Oakland - Encyclopedia

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OAKLAND, a city and the county-seat of Alameda county, California, U.S.A., situated opposite and about 6 m. distant from San Francisco, on the eastern shore of San Francisco Bay. Pop. (1890) 48,682; (1900) 66,960, of whom 17,256 were foreignborn, 3197 being Irish, 2742 German, 2026 English, 1544 EnglishCanadians, 1020 Portuguese and 994 Swedish; (1910 census) 150,174. It is the terminus of the Ogden branch of the Southern (formerly Central) Pacific, of the Coast Line of the Atchison, Topeka & Santa Fe, and of the Western Pacific railways. Passengers and freight from the East to San Francisco are transferred by ferry from Oakland. A branch of the bay (called Oakland Harbour) divides Oakland from Alameda, and the railway piers of Oakland run directly out into the bay for more than 2 m. toward San Francisco, thus shortening the ferry connexions. Lake Merritt, in the heart of the city, a favourite pleasure resort, is the centre of the city's park system. Oakland is the seat of California College (co-educational, Baptist, opened in 1870), and of St Mary's College (Roman Catholic, 1863) for men; and in the suburban village of Mills College, west of the city, is Mills College (non-sectarian, 1871) for women, an institution of high rank. Electric power for the city is derived from Colgate, on the Yuba river, 219 m. distant. Oakland has important manufacturing interests, the total value of its factory products in 1905 being $9, 0 7 2 ,539, 6 9% more than in 1900.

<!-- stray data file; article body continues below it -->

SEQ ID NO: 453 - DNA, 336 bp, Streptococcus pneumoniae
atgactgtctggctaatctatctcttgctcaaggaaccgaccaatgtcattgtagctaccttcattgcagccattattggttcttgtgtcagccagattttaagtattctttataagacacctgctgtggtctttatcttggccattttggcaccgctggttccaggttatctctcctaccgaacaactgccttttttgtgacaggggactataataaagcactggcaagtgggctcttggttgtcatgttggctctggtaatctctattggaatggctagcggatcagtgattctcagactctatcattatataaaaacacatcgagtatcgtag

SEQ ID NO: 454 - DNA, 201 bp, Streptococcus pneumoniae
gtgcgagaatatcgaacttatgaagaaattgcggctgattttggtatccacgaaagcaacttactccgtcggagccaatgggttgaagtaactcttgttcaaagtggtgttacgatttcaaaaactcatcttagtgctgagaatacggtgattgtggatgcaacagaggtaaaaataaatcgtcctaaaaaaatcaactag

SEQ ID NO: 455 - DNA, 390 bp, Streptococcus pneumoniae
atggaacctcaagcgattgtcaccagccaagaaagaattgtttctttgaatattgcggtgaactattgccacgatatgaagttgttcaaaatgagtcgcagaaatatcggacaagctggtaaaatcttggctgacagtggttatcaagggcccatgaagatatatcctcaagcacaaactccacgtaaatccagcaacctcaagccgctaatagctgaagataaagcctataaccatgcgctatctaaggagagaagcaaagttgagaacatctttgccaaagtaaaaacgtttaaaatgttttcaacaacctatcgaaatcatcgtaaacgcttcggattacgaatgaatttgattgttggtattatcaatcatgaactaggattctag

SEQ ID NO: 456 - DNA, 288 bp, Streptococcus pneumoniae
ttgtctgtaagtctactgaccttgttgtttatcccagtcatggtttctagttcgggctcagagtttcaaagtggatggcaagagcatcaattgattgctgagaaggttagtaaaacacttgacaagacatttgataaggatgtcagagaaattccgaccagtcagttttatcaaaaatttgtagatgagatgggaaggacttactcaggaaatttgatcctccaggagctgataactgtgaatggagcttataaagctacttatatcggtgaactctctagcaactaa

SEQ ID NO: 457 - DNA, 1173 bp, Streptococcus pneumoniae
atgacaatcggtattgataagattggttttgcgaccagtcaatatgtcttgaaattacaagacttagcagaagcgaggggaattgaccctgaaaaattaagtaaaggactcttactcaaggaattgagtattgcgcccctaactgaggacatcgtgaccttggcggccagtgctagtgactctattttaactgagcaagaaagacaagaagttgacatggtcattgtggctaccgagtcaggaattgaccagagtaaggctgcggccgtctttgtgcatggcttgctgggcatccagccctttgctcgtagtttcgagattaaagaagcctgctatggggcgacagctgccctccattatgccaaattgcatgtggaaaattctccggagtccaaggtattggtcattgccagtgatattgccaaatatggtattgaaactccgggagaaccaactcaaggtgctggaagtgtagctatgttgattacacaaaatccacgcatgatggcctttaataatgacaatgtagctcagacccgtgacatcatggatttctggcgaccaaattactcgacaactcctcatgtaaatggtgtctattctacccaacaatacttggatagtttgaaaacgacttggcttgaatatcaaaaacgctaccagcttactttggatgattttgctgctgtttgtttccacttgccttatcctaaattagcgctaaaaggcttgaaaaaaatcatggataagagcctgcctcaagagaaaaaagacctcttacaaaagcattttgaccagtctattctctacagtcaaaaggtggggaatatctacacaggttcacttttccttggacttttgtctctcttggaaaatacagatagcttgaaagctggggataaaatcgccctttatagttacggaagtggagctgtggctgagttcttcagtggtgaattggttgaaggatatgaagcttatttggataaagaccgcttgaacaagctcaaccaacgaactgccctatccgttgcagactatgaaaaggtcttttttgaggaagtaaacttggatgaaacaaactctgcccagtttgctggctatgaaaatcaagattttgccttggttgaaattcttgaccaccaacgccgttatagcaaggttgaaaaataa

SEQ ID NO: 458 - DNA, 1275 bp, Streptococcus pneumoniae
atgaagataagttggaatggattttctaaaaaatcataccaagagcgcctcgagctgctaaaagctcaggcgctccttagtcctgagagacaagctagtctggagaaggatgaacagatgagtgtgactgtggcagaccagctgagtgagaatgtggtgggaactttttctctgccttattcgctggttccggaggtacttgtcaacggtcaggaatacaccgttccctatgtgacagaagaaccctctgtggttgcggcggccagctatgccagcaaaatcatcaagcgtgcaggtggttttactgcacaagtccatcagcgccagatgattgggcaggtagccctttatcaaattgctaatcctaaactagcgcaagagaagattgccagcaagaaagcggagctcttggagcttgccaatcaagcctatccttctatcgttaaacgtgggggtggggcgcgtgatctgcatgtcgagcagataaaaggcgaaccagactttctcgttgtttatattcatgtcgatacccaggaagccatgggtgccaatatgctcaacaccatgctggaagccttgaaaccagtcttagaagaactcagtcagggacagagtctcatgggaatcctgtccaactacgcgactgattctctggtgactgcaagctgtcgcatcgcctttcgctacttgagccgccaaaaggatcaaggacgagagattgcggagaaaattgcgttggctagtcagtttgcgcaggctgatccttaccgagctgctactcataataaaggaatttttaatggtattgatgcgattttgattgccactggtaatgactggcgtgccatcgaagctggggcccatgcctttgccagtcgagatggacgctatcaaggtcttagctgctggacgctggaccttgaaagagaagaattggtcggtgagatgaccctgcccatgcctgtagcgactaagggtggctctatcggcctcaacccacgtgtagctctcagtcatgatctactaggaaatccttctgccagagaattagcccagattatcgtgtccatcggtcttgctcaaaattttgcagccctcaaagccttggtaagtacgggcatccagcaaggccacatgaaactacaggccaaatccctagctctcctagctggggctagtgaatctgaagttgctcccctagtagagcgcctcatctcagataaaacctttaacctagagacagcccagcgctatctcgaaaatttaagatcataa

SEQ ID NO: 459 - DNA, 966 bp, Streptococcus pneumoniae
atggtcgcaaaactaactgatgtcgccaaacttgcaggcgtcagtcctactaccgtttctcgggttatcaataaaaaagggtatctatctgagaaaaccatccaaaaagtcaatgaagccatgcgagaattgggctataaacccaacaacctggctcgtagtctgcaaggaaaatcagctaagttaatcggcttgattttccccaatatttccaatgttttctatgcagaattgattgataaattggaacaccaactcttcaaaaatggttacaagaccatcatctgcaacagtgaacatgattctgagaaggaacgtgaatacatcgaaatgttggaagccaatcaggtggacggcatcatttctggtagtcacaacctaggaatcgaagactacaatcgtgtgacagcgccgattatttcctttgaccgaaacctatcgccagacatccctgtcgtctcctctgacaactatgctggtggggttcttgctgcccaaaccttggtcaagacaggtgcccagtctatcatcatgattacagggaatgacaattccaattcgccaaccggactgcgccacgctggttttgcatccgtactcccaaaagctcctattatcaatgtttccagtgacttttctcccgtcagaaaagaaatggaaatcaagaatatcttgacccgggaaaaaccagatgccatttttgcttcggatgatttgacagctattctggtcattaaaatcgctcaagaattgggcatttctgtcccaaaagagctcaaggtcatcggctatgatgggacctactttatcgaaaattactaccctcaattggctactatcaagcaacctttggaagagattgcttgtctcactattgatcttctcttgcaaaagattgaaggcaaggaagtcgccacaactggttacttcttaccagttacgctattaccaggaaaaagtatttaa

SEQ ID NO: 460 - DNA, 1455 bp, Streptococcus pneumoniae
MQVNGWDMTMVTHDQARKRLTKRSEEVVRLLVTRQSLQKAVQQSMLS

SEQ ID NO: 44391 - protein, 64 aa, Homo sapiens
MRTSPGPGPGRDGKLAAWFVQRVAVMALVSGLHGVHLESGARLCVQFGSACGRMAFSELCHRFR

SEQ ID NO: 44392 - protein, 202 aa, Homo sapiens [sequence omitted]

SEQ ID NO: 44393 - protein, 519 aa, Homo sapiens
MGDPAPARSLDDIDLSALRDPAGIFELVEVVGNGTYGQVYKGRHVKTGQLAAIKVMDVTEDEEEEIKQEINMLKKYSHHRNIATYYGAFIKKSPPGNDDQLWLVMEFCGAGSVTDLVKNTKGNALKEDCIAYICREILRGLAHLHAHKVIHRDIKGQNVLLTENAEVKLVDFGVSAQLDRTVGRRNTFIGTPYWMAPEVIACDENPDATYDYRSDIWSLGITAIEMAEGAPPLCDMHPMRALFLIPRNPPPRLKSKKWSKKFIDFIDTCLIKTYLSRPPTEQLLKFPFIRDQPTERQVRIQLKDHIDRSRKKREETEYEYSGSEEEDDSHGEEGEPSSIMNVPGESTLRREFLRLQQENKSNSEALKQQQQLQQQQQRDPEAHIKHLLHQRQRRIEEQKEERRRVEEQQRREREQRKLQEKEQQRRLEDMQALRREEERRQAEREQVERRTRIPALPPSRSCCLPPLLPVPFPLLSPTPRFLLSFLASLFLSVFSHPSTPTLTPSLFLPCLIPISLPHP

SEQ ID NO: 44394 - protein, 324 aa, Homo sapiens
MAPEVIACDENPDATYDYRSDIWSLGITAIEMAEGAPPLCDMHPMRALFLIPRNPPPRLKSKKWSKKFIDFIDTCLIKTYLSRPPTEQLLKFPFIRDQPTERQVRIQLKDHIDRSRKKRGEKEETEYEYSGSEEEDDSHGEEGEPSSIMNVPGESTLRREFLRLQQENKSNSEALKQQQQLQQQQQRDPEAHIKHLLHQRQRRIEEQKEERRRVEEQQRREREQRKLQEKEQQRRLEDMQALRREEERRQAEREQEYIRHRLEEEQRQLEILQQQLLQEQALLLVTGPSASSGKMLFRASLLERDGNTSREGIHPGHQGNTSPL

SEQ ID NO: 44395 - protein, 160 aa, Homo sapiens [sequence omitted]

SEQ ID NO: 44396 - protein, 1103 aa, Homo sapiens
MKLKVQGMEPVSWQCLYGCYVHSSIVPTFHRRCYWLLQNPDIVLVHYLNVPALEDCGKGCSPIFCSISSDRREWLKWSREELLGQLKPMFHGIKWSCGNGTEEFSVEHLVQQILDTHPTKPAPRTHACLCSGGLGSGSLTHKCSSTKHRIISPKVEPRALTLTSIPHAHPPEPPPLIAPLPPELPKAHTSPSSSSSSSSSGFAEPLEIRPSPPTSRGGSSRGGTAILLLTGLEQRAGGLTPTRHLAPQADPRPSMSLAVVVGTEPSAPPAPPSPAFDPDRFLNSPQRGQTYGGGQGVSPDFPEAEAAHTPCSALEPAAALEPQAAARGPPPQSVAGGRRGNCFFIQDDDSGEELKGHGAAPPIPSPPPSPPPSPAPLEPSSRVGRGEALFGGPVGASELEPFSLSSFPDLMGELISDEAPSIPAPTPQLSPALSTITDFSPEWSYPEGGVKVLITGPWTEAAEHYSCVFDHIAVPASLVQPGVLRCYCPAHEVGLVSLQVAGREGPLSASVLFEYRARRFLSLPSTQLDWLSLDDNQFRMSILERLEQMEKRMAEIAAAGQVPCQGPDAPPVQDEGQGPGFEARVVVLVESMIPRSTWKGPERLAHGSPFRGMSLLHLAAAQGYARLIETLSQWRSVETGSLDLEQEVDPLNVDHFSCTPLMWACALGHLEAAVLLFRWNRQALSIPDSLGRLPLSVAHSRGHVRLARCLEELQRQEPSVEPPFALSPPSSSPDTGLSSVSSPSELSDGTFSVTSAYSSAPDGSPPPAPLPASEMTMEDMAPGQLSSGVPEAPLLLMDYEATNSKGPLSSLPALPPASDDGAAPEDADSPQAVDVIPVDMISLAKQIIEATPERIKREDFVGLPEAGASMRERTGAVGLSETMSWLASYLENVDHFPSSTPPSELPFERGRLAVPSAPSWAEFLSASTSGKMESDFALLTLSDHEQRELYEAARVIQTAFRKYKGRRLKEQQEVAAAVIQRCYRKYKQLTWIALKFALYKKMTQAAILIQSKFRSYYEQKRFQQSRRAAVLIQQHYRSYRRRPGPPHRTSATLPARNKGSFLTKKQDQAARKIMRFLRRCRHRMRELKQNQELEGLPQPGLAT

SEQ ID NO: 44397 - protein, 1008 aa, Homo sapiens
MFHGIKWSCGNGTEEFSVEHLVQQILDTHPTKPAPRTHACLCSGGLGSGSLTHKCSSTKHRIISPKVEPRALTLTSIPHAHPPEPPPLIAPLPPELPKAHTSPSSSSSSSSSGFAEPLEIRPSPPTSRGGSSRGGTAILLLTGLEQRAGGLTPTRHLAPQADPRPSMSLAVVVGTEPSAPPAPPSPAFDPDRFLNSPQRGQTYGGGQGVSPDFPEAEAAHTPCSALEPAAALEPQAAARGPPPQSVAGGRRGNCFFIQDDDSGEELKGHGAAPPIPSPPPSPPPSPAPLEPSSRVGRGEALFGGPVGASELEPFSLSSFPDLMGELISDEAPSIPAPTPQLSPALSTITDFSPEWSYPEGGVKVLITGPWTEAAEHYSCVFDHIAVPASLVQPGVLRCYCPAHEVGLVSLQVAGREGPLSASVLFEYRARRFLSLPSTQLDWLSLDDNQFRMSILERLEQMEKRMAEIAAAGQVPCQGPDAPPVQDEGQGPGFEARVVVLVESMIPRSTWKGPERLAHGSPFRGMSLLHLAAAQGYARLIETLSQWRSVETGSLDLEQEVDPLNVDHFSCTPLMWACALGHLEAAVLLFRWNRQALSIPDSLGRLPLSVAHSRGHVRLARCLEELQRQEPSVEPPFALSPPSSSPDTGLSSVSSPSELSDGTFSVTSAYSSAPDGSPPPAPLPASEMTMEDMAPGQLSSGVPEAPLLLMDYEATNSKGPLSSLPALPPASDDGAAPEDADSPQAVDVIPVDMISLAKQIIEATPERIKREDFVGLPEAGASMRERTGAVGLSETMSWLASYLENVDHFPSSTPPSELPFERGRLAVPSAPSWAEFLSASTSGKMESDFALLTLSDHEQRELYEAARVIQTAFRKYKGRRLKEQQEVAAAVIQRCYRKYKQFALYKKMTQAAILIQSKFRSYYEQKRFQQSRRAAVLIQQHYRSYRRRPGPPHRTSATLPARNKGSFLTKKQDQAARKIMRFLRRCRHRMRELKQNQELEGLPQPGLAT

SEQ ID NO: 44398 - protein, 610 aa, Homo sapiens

The site of the present city (as well as that of AIameda and Berkeley) lay originally within the limits of a great private Mexican grant which was confirmed by the United States authorities. A settlement was begun - at first by "squatters" in defiance of the private claim - in 1850; in May 1852 this was incorporated as a town (the name being derived from a wood of oaks in the midst of which the first settlement was made), and in March 1854 it was chartered as a city. In 1869 it was selected as the western terminus of the Central Pacific, a choice which greatly promoted Oakland's commercial importance. The water front was recklessly given away in 1852, and the resulting disputes and litigation lasted for more than thirty years; in 1908 the water front reverted to the city. The population increased more than sixfold from 1860 to 1870, and doubled in 1900-1910. It became the county-seat in 1874. In December 1910 a commission form of government was adopted.

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